The Digital Services Act (DSA), the European Union’s new rules to regulate online content, will begin to take effect today. This law targets “very large online platforms” in order to curb “harmful” and illegal information online, while also creating new responsibilities for algorithmic and advertising transparency. Platforms such as Facebook, Instagram, Snapchat, Twitter, and Wikipedia are, according to the EU, large enough to warrant strict regulations under the DSA. Noncompliance comes at a hefty cost: Companies in violation of the Act are subject to fines of up to 6% of their annual turnover.

Although the DSA—along with the competition-focused Digital Markets Act (DMA)—are set to transform how technology companies operate in Europe, the spillover effects will certainly be felt here at home. The House Committee on Oversight and Accountability found that the DMA designates U.S. companies as “gatekeepers” in order to improve market conditions for foreign businesses at the expense of American companies:

The EU’s Digital Markets Act aims to increase competition in the European tech market space but does so by targeting American online platforms under the designation as ‘gatekeepers.’ The EU’s goal is to make European tech more competitive versus their American counterparts by subjecting the gatekeepers to greater scrutiny and burdens than their competitors. Specifically, the gatekeepers will be forced to provide third-party access to hardware, software, and operating systems, as well as require gatekeepers to share intellectual property.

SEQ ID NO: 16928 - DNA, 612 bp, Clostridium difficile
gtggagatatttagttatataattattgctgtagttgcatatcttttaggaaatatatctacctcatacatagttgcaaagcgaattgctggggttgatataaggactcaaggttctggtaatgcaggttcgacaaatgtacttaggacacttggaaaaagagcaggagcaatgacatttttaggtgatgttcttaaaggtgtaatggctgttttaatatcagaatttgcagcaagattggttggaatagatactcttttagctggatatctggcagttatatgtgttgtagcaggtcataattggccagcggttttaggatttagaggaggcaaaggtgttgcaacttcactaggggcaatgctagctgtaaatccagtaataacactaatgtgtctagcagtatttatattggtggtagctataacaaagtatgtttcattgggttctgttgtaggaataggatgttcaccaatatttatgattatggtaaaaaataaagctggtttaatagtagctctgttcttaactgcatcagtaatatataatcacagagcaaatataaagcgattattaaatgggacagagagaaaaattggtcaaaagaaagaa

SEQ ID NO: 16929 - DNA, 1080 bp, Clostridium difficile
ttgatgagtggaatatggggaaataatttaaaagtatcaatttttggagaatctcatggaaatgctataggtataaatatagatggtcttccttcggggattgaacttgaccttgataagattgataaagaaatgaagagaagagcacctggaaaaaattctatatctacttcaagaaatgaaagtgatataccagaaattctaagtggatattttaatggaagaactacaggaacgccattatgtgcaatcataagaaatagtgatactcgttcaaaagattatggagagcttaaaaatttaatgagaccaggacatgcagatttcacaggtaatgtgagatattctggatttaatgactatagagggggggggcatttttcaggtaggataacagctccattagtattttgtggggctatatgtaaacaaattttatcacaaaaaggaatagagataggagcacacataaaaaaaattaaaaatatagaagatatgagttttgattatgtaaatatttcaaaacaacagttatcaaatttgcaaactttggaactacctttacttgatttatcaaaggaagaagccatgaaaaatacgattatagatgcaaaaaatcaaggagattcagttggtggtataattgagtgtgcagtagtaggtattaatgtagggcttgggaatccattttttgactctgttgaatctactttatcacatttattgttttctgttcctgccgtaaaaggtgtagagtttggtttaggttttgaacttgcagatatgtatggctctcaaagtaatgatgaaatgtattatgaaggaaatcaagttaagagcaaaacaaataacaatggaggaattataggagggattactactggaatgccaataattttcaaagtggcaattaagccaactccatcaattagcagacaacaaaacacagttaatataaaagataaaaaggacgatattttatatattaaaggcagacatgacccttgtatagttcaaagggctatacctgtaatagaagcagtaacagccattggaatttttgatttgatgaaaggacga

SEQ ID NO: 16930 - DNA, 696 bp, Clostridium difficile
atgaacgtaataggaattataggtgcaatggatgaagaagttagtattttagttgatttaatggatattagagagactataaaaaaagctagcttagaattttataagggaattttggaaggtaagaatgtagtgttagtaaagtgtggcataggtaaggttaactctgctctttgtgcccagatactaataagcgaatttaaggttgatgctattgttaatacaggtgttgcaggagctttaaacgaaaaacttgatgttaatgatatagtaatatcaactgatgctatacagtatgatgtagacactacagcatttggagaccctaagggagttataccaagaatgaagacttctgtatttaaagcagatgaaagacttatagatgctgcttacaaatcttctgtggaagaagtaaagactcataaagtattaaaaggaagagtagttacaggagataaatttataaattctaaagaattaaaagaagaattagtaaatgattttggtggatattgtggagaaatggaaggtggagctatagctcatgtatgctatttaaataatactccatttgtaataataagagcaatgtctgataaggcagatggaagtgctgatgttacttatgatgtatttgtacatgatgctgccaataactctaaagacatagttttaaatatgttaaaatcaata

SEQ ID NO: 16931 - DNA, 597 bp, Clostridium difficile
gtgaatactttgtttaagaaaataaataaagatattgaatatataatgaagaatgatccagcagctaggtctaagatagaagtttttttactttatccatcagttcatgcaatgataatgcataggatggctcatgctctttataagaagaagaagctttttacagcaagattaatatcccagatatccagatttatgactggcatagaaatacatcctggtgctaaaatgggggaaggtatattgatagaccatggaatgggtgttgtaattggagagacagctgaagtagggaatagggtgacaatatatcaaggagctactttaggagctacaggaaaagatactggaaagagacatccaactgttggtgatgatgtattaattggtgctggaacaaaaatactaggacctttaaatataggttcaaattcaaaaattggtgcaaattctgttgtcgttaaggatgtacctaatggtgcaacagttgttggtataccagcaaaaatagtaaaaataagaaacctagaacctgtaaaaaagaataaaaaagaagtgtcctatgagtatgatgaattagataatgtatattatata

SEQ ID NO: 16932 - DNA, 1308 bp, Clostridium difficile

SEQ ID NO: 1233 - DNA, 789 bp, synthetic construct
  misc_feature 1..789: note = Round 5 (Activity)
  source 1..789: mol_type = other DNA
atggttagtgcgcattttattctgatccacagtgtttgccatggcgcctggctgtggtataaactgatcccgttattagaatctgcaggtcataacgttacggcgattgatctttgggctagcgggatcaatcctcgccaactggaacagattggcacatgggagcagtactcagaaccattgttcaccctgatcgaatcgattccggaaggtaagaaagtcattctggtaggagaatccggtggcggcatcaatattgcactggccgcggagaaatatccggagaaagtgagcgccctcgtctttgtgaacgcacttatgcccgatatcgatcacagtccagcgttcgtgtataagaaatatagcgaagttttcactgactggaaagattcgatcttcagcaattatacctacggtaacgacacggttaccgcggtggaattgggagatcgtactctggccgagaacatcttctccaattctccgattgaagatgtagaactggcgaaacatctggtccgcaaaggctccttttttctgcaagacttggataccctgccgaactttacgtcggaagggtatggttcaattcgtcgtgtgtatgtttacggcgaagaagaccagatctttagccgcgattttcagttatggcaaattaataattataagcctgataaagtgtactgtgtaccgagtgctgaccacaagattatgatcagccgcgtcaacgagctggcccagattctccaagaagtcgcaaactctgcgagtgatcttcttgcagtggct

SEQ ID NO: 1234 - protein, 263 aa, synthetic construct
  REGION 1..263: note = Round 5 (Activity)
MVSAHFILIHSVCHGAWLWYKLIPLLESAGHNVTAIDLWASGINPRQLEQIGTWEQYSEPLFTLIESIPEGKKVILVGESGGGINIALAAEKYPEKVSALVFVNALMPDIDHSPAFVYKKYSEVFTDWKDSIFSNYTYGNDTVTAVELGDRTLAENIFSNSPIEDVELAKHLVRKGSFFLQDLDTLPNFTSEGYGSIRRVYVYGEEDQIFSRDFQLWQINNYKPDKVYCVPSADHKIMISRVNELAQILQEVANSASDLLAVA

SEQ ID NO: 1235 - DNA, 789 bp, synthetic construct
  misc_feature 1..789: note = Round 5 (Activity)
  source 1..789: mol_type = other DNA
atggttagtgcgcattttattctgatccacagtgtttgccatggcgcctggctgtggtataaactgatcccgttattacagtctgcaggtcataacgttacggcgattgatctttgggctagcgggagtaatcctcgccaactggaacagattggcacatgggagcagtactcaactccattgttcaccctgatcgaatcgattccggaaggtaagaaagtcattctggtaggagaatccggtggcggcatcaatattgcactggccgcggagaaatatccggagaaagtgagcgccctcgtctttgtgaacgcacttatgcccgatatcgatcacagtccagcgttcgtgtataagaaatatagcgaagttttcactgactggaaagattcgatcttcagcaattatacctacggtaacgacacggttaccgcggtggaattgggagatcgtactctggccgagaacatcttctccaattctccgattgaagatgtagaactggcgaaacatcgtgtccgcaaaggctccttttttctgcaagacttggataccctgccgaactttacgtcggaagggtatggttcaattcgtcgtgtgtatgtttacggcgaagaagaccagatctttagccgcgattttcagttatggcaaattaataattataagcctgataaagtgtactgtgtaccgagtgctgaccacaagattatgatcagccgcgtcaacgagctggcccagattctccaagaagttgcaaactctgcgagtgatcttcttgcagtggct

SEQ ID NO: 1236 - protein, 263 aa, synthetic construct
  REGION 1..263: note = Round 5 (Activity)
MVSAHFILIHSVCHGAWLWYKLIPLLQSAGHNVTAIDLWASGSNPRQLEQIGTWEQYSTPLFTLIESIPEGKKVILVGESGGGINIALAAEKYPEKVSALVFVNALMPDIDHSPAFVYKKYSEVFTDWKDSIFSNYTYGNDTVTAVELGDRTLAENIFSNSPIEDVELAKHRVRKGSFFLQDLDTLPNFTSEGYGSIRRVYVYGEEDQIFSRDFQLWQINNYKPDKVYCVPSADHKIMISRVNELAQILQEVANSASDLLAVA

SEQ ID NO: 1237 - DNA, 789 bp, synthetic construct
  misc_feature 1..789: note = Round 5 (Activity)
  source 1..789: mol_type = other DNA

The European laws subject American technology companies to extensive foreign oversight, beyond the requirements imposed on others. In a recent letter, Senator Ted Cruz addressed how the DSA and DMA will stifle domestic businesses and America’s technological competitiveness:

[The DSA] forces heightened requirements — like mandatory participation in external audits and data sharing with government authorities — on so-called ‘very large online platforms’… U.S. companies own sixteen of the nineteen online platforms subject to the DSA’s heightened requirements… Again, non-U.S. companies are largely off the hook. Taken together, the DMA and DSA objectively discriminate against U.S. companies by imposing enormous regulatory compliance costs and penalties on them, while handing companies from other countries—especially China—a competitive edge.

As the DSA and DMA come into effect, policymakers should consider how these laws will affect America’s technological growth and innovation. Such protectionist rules are poised to have an outsized impact on American technologies and businesses while depriving users of increased information, access, and community.